Spring Budget 2023: How could it affect you?

by InvestEngine

Following the lacklustre Autumn Statement back in November, the spring budget focused on three key priorities set out by Jeremy Hunt. Namely, these are to halve inflation, grow the economy and reduce the public debt as a percentage of GDP.

The Autumn Statement brought with it a series of stealth tax rises through extended freezes to the majority of tax thresholds. This spring budget, therefore, is an important moment for Rishi Sunak’s government as it must resonate with voters prior to local elections in May.

Areas of particular focus included energy bills, education, childcare and pensions with no changes to Inheritance Tax or Capital Gains Tax, as expected. Let’s take a look at the different areas of the budget and what they might mean for savers going forward. 


Firstly, the lifetime allowance (LTA) has been abolished from £1.073m. This will enable millions of savers to take advantage of the tax efficiencies of pensions to boost their retirement savings.

Annual allowance for pension contributions increased from £40,000 to £60,000. Both of these measures will be welcomed by those who want to increase their pension pot ahead of retirement.

It is, however, worth noting that despite the abolishment of the LTA, there is still a cap of £268,275 without protections on the amount of tax free withdrawals you can take from your pension.

Some other highlights:

  • Money Purchase Annual Allowance increased from £4,000 to £10,000
  • Corporation tax to increase to 25% from April, as expected  
  • Price cut to fuel duty will be extended for another year
  • The minimum Tapered Annual Allowance increased from £4,000 to £10,000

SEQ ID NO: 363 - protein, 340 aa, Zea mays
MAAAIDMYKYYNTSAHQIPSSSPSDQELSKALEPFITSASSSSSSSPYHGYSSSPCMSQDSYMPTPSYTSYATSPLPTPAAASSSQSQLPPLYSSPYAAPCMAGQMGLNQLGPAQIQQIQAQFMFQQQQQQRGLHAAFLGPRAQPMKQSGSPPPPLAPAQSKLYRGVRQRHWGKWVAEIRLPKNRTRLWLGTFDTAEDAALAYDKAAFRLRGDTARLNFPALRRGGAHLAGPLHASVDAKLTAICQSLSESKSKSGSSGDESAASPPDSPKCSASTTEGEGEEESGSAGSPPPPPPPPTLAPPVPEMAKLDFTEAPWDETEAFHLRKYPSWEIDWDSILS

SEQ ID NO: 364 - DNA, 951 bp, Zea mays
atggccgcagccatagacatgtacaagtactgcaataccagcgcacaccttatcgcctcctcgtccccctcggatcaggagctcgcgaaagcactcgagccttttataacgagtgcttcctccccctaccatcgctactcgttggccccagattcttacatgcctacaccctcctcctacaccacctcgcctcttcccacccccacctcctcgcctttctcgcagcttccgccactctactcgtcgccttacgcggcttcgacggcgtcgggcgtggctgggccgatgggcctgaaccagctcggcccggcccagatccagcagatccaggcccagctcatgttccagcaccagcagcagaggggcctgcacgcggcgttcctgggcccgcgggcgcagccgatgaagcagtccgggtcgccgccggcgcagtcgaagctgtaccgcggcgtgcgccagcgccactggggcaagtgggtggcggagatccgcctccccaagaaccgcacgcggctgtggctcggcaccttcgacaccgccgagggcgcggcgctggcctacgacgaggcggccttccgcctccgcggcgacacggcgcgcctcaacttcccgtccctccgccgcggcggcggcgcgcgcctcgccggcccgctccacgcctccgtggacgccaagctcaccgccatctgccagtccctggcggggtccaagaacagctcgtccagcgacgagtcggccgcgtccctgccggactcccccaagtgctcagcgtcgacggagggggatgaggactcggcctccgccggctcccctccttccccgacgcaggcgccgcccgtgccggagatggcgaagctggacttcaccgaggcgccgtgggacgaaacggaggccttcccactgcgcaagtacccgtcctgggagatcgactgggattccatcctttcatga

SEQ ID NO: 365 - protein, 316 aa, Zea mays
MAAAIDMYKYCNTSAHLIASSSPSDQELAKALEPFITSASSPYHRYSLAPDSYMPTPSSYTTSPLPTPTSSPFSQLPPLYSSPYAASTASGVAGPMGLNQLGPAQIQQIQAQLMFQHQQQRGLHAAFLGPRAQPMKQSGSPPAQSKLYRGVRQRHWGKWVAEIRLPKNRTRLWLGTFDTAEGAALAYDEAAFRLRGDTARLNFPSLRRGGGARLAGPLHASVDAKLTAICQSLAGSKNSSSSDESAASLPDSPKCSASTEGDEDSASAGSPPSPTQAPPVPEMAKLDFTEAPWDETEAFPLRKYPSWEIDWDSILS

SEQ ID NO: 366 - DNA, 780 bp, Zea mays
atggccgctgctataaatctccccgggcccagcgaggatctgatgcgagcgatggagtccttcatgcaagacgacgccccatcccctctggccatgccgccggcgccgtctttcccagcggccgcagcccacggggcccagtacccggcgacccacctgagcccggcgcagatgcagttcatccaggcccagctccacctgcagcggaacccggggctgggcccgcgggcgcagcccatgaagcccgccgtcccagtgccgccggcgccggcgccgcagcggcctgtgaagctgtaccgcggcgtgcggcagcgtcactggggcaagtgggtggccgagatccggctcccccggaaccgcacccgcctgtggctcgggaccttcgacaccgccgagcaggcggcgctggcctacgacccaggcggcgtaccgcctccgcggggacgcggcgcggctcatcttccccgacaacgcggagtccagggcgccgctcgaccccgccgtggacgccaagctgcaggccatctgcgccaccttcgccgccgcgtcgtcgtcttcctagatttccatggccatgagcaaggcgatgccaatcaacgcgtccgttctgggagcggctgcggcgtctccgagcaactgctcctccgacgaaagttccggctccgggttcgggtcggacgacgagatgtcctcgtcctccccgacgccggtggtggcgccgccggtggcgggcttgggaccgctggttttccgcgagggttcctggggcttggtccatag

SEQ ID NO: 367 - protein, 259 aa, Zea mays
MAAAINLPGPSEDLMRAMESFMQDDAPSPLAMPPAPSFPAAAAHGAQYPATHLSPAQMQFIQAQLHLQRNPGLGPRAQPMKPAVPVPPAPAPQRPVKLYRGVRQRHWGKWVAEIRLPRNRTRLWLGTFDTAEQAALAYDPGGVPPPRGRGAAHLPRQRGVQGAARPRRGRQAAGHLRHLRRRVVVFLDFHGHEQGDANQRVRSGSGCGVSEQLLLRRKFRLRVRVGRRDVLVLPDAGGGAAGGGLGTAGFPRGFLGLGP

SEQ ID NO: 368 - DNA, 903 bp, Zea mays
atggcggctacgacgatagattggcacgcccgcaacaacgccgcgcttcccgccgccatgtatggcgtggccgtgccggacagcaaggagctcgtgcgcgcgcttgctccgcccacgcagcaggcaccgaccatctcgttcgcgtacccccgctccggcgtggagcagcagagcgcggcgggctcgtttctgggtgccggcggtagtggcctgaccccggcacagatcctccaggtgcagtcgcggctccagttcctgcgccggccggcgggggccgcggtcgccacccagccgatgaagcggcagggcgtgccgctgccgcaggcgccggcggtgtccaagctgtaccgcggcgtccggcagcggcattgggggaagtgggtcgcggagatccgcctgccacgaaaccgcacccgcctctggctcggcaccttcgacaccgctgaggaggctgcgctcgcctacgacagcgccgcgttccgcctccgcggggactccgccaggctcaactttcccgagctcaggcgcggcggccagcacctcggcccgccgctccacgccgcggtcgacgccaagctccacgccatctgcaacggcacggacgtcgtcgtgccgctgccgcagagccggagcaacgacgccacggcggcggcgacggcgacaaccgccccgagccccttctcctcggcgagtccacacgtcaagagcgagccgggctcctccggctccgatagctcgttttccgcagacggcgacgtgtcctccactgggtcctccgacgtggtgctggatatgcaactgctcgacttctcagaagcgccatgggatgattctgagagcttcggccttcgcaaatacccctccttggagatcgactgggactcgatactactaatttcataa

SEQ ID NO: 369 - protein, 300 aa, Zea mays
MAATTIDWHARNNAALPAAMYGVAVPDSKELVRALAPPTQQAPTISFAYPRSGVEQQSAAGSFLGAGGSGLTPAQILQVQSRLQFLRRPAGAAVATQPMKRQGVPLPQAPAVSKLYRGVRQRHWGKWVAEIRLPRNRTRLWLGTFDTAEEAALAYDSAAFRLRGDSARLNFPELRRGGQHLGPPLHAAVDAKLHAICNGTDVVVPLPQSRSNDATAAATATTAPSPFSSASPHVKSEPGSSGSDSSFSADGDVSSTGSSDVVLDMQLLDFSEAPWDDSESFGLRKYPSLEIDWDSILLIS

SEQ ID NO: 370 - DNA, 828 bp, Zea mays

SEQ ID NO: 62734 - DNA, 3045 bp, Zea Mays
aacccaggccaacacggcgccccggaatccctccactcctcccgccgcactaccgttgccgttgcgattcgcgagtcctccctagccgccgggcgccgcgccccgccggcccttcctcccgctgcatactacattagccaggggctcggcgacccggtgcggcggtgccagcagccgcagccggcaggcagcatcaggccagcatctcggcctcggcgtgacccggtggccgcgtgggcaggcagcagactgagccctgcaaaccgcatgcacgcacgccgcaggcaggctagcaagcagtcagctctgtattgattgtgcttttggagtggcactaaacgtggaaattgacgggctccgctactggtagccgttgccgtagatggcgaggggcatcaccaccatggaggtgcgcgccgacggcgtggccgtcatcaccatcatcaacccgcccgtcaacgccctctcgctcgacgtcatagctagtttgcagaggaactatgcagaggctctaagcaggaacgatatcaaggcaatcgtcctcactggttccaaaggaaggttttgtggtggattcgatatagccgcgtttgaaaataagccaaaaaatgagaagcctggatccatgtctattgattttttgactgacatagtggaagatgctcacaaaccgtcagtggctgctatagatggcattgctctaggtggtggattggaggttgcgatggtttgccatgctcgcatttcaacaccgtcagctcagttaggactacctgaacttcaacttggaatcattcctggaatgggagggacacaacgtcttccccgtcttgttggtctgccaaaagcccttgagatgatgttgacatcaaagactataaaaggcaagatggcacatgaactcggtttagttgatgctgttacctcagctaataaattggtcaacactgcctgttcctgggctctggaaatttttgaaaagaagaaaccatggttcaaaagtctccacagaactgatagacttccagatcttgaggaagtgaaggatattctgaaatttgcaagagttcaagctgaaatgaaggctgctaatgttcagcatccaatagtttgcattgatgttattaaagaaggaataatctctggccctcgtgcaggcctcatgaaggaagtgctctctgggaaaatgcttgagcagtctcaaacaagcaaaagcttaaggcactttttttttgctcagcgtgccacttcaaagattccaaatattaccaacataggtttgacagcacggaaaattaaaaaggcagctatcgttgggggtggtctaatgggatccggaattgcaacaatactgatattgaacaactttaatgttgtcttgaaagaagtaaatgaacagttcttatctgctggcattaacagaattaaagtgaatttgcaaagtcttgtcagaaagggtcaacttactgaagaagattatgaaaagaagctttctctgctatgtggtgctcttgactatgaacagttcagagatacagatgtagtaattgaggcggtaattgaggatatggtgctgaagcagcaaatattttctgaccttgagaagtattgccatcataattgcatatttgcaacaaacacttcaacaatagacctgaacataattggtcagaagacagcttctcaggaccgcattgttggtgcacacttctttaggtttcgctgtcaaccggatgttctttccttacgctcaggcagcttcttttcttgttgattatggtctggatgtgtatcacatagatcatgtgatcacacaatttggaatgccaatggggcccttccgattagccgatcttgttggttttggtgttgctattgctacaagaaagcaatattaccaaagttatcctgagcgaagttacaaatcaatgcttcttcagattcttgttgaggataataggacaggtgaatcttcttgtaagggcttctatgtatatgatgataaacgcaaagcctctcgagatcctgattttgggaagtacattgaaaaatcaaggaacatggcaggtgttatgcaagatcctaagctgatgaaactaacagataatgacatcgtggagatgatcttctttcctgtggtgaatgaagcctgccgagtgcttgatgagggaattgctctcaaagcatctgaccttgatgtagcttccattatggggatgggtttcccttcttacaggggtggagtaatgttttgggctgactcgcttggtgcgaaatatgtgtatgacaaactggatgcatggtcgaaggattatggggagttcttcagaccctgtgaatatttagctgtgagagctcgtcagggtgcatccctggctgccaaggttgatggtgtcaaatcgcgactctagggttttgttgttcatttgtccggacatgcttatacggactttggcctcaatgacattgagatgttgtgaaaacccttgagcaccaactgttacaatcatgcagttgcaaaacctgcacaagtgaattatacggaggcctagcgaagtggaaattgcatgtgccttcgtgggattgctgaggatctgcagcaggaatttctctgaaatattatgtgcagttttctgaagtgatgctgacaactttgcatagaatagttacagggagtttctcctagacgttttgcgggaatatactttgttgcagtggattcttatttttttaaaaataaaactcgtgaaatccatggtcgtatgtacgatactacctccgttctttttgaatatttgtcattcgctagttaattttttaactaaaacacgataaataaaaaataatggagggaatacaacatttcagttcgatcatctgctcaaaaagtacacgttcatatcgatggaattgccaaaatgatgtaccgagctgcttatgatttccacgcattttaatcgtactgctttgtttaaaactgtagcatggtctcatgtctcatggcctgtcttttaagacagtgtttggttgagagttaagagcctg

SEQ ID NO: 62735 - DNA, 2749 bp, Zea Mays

• The adjusted income threshold for the Tapered Annual Allowance increased from £240,000 to £260,000

The Capital Gains Tax annual exemption is due to fall from £12,300 to £6,000 on 6 April 2023, and halve again from April 2024. Each time the allowance is reduced, the use of ISA investment wrappers only becomes more important for savers. 

The fall in the dividend tax free allowance – reducing to £1,000 in 2023 and a further £500 in 2024 – is yet another incentive to maximise the use of your ISA.

The economy

Looking at the economy broadly, the Office for Budget Responsibility has forecasted that the UK will avoid recession this year. The UK’s inflation rate is, mercifully, predicted to fall from 10.7% (in the last quarter of 2022) to 2.9% by the end of 2023. 

Hunt was confident on the subject of reducing the national debt, saying that we’re on track to have “debt falling as a percentage of GDP by the fifth year of the forecast.” Underlying debt is forecast to be 92.4% of GDP next year, rising to 93.7% in 2024-25 before peaking at 94.8% in 2026-27. 

Some highlights in the budget:

  • 12 new Investment Zones across the UK will see tax breaks and other benefits, funded by £80m each over the next five years
  • Annual Investment Allowance for small businesses increased to £1m
  • International traders will have longer to submit customs forms and reduced paperwork under streamlined rules
  • Duty on draught products in pubs to be up to 11p lower than in supermarkets

Energy and climate

Perhaps more than ever, all eyes were on energy as we step out of a winter that has seen many people struggling to afford the cost of heating their homes. 

The £2,500 annual energy price cap has been extended for three months, ending in June. Hunt also announced an Initiative to bring energy charges for prepayment metres into line with prices for customers paying by direct debit. 

The budget included a £20 billion commitment to investing in low-carbon energy projects – focusing on carbon capture and storage – over the next two decades. The chancellor also pledged £63 million to help leisure centres with rising costs and finding ways to become more energy efficient.

Jobs and work

Finally, let’s take a quick look at the plans for job support and work benefits. Here are a few highlights from the speech: 

  • Increased job support for lead child carers on universal credit
  • New fitness-to-work requirements for health-related benefits
  • More access to “skills boot camps” to encourage those over 50 to return to the workplace
  • A £400m scheme to support mental and physical health

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